Pok Pok LA
978 N Broadway
Los Angeles, CA 90012
Dining date: 11/8/15
Pok Pok was one of the city’s most anticipated restaurant openings this year. It has become one of the must-visit restaurants in Portland since opening 10 years ago. Since then, the restaurant and chef have been given numerous awards including chef Andy Ricker winning the James Beard award for Best Chef Northwest in 2011 and the New York location garnering a Michelin star this year. Los Angeles is the third city to have Ricker’s popular restaurant, following the opening of his Phat Thai street food concept at the end of last year.
Church & State
1850 Industrial St
Los Angeles, CA 90021
Dining date: 11/6/15
Church & State was one of the first really exciting restaurants to open into the reinvigorated Arts District of downtown. With Walter Manzke in the kitchen, the restaurant was an immediate success. The neighborhood has had a ton of new development over the years, but Church & State has been a standby serving classic French bistro food. The restaurant celebrated its seventh anniversary last week and rolled back prices to 2008 levels in celebration. It’s been a long five years since I dined at the restaurant, so a revisit was long overdue.
332 S Broadway
Los Angeles, CA 90013
Dining date: 3/5/15 and 10/27/15
I’ve been to Maccheroni Republic a number of times for their fresh, housemade pastas at great prices. The restaurant quickly gained in popularity since opening in late 2012, drawing lengthy lines at the no-reservations spot. I still stop in once a while, though primarily for an early weekday lunch in order to avoid any wait. This post recaps two of my previous lunches.
The free corkage policy is now gone; the restaurant has their beer & wine license with a limited selection of beverages. However, corkage is still very reasonable (I think it’s like $5).
Petty Cash Taqueria
712 S Santa Fe Ave
Los Angeles, CA 90021
Dining date: 10/21/15
Petty Cash’s Arts District location officially opened a couple of months ago. I’ve been there once during its soft opening when Javier Plascensia and Tim Hollingsworth were guest chefs. I’ve also been there for post-dinner drinks, but this was my first time having a full meal.
In a city full of cheap taco options, one of the primary criticisms is that Petty Cash is too expensive. It’s definitely above average pricing at $4-6 apiece, though the quality of the ingredients is a differentiating factor. Sustainable fish for the fish tacos, Cook Pigs Ranch pork for the carnitas and prime grade ribeye for carne asada are a few examples. Happy hour (weekdays 5-7) is a great time to score some of these tacos at more approachable prices. On top of a couple of drink specials, tacos are 2-for-1. On this visit, we just made the cutoff coming in at 6:45.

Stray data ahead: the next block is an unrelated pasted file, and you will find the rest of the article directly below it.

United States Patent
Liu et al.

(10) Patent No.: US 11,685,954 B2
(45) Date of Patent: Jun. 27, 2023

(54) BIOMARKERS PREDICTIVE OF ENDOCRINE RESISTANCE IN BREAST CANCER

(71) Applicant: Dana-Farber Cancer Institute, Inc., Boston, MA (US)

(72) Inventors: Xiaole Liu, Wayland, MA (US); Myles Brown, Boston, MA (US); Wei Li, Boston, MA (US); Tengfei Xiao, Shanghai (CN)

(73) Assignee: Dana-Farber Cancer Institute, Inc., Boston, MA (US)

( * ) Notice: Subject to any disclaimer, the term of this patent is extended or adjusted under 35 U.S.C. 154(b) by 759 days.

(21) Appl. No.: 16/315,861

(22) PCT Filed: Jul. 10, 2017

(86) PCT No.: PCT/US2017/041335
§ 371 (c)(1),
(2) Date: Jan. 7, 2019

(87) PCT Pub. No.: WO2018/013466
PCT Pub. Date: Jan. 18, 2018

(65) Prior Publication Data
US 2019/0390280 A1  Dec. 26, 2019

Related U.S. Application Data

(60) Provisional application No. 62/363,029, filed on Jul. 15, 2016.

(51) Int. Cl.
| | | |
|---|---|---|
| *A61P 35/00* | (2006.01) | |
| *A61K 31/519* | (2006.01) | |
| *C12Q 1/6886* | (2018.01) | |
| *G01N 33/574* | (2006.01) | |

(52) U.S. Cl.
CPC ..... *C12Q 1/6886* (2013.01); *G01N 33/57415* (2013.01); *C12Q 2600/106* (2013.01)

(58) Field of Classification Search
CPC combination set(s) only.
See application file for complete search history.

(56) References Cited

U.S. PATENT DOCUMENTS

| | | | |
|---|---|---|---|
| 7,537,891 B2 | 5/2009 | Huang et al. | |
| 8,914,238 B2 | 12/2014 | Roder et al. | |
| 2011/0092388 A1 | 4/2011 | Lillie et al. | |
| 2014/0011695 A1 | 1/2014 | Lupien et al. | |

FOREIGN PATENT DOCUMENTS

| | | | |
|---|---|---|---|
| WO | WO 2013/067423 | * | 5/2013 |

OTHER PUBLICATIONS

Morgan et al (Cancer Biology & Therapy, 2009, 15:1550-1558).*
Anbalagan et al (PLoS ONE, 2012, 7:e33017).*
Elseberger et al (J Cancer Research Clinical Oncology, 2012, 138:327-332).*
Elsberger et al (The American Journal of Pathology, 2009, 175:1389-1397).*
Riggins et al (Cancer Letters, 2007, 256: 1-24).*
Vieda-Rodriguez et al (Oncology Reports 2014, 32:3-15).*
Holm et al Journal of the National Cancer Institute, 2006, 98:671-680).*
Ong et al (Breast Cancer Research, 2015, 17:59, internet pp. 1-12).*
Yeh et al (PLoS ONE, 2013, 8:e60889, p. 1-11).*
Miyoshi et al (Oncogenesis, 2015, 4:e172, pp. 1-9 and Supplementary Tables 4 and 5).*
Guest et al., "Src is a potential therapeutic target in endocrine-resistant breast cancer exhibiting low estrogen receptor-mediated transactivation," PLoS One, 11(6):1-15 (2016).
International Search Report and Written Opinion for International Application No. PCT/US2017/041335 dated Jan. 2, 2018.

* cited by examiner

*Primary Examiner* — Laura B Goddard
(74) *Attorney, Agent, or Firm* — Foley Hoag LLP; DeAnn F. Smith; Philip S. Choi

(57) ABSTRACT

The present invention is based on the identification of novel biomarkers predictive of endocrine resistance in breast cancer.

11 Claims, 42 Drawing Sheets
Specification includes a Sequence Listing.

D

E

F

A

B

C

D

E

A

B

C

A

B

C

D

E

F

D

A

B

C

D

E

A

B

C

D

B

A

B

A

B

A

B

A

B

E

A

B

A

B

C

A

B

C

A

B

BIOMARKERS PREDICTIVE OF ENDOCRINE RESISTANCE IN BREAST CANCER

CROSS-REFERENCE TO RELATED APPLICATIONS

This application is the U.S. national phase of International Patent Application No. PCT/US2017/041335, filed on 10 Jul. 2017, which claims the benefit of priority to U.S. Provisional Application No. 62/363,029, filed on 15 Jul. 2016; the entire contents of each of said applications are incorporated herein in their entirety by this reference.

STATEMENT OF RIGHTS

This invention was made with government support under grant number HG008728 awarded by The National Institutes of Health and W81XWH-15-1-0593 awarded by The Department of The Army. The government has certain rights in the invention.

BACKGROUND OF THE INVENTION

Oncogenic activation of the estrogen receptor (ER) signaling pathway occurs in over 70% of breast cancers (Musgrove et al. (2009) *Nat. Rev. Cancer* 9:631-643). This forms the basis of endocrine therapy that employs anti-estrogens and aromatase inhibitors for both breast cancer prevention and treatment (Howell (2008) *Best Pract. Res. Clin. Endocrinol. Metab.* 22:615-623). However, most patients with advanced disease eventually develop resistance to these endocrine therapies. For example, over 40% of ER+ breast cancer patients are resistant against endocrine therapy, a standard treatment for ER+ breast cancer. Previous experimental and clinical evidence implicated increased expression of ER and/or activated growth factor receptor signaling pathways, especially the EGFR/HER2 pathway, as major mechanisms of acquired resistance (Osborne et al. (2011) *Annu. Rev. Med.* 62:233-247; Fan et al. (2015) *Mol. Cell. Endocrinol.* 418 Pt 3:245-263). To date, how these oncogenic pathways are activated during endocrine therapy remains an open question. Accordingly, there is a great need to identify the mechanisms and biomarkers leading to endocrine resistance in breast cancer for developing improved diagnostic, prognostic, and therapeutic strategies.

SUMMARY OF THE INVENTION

2006 Sawtelle Blvd
Los Angeles, CA 90025
Dining date: 9/20/15
Sushi Tsujita opened about a year ago and was the third LA restaurant from the Tsujita group. The first two restaurants are popular noodle bars; I’ve been a huge fan of the tsukemen they serve (even trying it in Tokyo a few years back). However, this restaurant is something a little different – a refined sushi bar. Reviews of the restaurant have been strong thus far, so a visit was in order.
The dinner menu is omakase-only at three levels: $120, $150, and $180. We went right in the middle. While sushi made up the bulk of the menu, there were a scattering of small, plated dishes throughout.
60 E 65th St.
New York, NY 10065
Dining date: 9/10/15
Daniel Boulud is one of America’s most notable chef/restaurateurs with 16 restaurants in 4 countries around the world. I’ve tried a few of his restaurants with mixed thoughts, feeling like he’s spread himself fairly thin. However, I’ve always wanted to try Restaurant Daniel – Boulud’s flagship restaurant in New York City.
Since opening in 1993, Daniel has been regarded as one of the top restaurants in the city. Recently, the restaurant has lost some of its top accolades. It started in 2013 with a downgrade in the NY Times from four stars to three. Food critic Pete Wells cited very different dining experiences between the restaurant’s regulars/VIPs and other customers. Last year, Michelin dropped Daniel from the three-star ranks to two, something it re-affirmed in the latest 2015 guide. Michelin referred to inconsistency and a decline in food quality. Less importantly, the restaurant also dropped for the fifth straight year in the world’s best restaurants list, a precipitous drop of 40 spots down to #80 in 2015.
I was very indecisive on whether to invest a meal at Daniel. Would I be trying a restaurant on the downhill? Or a restaurant with a renewed focus on its food and service?